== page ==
Leucaena leucocephala

Wild tamarind

Also known as:

Lead tree

Family: Fabaceae

Origin: Mexico and Central America

Wild Tamarind leaves with one flower and some flower buds.
Wild tamarind is an evergreen tree that grows up to 10m tall. Delicate feathery leaves create dappled light when the trees are mature.
Photo credit: Forest and Kim Starr

Regional Pest Management Plan (RPMP) status

  • Not a legally declared pest

View more about the RPMP statuses

General description

Evergreen shrub or small tree < 10 m tall. Stems are green and hairy, maturing to grey-brown and smooth with many raised pores. Leaves are alternate and bipinnate, with < 10 pairs of pinnae and < 22 pairs of elongated, pointy-tipped pinnules. Flowers are white and borne in dense globe-shaped clusters on spikes in summer. Seed pods are elongated, flattened, green ripening to brown, pointy-tipped and contain glossy, brown seeds.

What you need to know

Although wild tamarind is not a legally declared pest plant, it may still be invasive in some situations. Consider lower risk alternatives for your garden, such as native plants.


Coastal areas, open areas, riparian margins, disturbed sites, wasteland, gardens, roadsides.


Seeds dispersed by water, wind, gravity, insects, rodents and livestock. Human-mediated dispersal through movement of contaminated soil.

Impact on environment

Can form dense thickets, outcompeting and displacing native vegetation. Nitrogen fixer. Can be toxic to livestock.


Site Management

Follow up treated areas 3 times per year. Crown lift to allow understory plants to establish or to underplant prior to controlling large trees.

Recommended approaches

Physical control

Method: Dig out.

Plant parts requiring disposal: Seeds.

Disposal options: Trees can be chipped and used as mulch, preferably when not in seed.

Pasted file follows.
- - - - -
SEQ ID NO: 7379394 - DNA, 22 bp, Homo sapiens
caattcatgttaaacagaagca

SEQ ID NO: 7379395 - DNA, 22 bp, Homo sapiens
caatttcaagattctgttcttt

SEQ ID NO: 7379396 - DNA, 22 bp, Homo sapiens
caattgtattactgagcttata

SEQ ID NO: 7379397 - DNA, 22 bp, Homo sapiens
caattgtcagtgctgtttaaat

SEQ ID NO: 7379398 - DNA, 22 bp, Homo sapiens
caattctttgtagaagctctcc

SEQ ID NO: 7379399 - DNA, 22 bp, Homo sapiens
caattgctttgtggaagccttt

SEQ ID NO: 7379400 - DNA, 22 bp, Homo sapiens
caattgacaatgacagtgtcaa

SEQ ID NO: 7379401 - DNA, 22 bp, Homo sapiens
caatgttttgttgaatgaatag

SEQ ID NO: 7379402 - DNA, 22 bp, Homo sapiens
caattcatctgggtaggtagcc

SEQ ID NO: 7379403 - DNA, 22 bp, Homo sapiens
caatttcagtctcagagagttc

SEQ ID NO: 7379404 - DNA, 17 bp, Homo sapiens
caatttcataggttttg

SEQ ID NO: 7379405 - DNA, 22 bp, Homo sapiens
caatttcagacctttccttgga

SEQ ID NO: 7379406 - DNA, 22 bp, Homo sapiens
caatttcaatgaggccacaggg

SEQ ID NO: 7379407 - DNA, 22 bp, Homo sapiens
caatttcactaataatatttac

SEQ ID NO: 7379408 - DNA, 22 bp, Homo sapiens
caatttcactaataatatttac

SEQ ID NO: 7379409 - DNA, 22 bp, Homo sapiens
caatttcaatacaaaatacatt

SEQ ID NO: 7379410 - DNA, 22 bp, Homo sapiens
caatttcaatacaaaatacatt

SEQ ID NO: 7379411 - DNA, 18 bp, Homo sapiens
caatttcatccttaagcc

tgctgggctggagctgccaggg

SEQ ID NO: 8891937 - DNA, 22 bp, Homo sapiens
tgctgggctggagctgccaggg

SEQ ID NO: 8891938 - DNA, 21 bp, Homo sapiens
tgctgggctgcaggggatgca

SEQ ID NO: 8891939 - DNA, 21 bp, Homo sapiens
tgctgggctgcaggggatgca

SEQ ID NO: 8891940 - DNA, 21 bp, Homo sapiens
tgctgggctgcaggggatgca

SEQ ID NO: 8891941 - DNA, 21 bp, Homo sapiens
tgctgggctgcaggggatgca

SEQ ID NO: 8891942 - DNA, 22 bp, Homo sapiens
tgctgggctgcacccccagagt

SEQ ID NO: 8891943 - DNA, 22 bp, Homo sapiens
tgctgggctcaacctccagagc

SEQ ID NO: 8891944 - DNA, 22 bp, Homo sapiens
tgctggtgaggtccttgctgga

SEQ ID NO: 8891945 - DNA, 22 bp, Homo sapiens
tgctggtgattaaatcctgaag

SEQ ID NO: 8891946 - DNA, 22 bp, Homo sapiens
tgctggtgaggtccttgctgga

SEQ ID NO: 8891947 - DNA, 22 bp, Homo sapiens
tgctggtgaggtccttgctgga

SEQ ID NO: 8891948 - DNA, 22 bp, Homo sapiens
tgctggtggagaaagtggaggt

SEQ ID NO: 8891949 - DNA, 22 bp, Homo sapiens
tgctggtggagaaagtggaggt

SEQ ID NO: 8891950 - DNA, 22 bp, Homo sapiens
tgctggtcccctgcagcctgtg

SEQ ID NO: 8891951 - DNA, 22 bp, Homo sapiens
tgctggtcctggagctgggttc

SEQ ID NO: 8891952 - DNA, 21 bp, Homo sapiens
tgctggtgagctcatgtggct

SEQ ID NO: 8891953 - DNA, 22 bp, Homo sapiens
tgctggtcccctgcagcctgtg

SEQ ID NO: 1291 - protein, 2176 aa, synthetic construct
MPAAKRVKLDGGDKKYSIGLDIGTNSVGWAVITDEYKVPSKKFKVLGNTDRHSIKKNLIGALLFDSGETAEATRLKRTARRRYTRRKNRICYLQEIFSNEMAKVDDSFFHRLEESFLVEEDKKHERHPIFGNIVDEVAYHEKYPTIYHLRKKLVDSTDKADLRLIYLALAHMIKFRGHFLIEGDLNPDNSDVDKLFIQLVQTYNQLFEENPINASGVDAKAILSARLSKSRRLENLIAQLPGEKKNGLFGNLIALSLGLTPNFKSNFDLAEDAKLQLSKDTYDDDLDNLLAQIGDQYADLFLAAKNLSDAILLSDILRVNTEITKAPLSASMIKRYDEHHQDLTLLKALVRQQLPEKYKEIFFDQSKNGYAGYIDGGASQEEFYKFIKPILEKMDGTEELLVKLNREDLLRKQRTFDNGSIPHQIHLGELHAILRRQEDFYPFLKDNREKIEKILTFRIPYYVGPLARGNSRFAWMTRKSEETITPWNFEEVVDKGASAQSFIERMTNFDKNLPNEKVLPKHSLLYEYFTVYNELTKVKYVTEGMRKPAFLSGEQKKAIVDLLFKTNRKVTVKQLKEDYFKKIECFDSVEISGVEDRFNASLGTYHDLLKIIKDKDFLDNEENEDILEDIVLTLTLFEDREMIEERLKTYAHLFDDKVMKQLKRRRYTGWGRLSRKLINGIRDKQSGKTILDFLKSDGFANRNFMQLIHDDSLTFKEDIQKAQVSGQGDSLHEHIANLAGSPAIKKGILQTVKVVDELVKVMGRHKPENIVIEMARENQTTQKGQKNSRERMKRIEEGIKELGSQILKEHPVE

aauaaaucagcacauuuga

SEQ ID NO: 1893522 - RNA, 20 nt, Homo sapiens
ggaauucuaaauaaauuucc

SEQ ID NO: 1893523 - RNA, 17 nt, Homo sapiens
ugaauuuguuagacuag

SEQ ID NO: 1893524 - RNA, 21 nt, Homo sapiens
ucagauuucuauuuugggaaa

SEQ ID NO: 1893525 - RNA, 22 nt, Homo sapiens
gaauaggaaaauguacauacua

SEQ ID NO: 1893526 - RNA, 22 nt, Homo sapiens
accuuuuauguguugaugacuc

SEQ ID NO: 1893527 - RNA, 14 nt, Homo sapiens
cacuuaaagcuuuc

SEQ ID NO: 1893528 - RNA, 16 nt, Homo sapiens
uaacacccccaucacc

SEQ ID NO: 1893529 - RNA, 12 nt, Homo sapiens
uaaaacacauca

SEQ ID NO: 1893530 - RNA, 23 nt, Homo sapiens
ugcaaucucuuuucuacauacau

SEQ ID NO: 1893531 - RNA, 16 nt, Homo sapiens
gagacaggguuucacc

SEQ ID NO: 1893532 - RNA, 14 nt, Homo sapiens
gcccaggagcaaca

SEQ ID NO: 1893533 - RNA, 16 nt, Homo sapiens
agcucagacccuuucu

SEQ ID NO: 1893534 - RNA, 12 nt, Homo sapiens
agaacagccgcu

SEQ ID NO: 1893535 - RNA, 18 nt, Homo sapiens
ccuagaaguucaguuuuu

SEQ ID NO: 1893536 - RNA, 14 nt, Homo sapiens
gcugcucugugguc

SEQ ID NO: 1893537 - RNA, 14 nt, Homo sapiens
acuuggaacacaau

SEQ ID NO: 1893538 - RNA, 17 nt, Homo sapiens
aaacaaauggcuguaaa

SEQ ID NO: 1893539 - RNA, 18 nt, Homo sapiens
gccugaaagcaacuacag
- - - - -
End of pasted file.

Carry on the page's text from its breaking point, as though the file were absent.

Biocontrol is currently not available for this species.

Community agrichemical control recommendations

No qualifications: Cut stump and paste freshly cut base of stems with double strength glyphosate gel
or ringbark and paste cut with double strength glyphosate gel.

Basic Growsafe certified: Foliar spray seedlings with 200ml glyphosate green per 10L of water
or ringbark and spray cut with 750ml glyphosate green per 1 L of water.

Certified Handler/Experienced agrichemical user: Drill and inject trees with 750ml glyphosate green and 10ml penetrant per 1L of water, if safe to do so. Drill 18mm holes (tangentially angled downwards) in a spiral up the trunk. For 50mm stems drill one hole. For 100mm stems drill two holes. For larger stems drill holes 150mm apart. Foliar spray seedlings with 200ml glyphosate green per 10L of water and 20ml penetrant.

Safety notes

Large trees must not be drilled or ringbarked that are closer than 1.5 times the height of the tree from paths, walkways and property.

Trees over 4 metres in height should be removed by a qualified arborist.

Caution: When using any herbicide or pesticide please read the label thoroughly to ensure that all instructions and safety requirements are followed.

Wild Tamarind flower and flower buds.
Once wild tamarind flowers are pollinated, they form into long flat and green pods. Over the summer the pods become brown and dry out, opening to release glossy brown seeds.
Photo credit: Forest and Kim Starr
Close up of immature Wild Tamarind seed pods.
Not legally declared a pest in Auckland but has the potential to be weedy. Wild tamarind can form dense thickets that out-compete native plants.
Photo credit: Forest and Kim Starr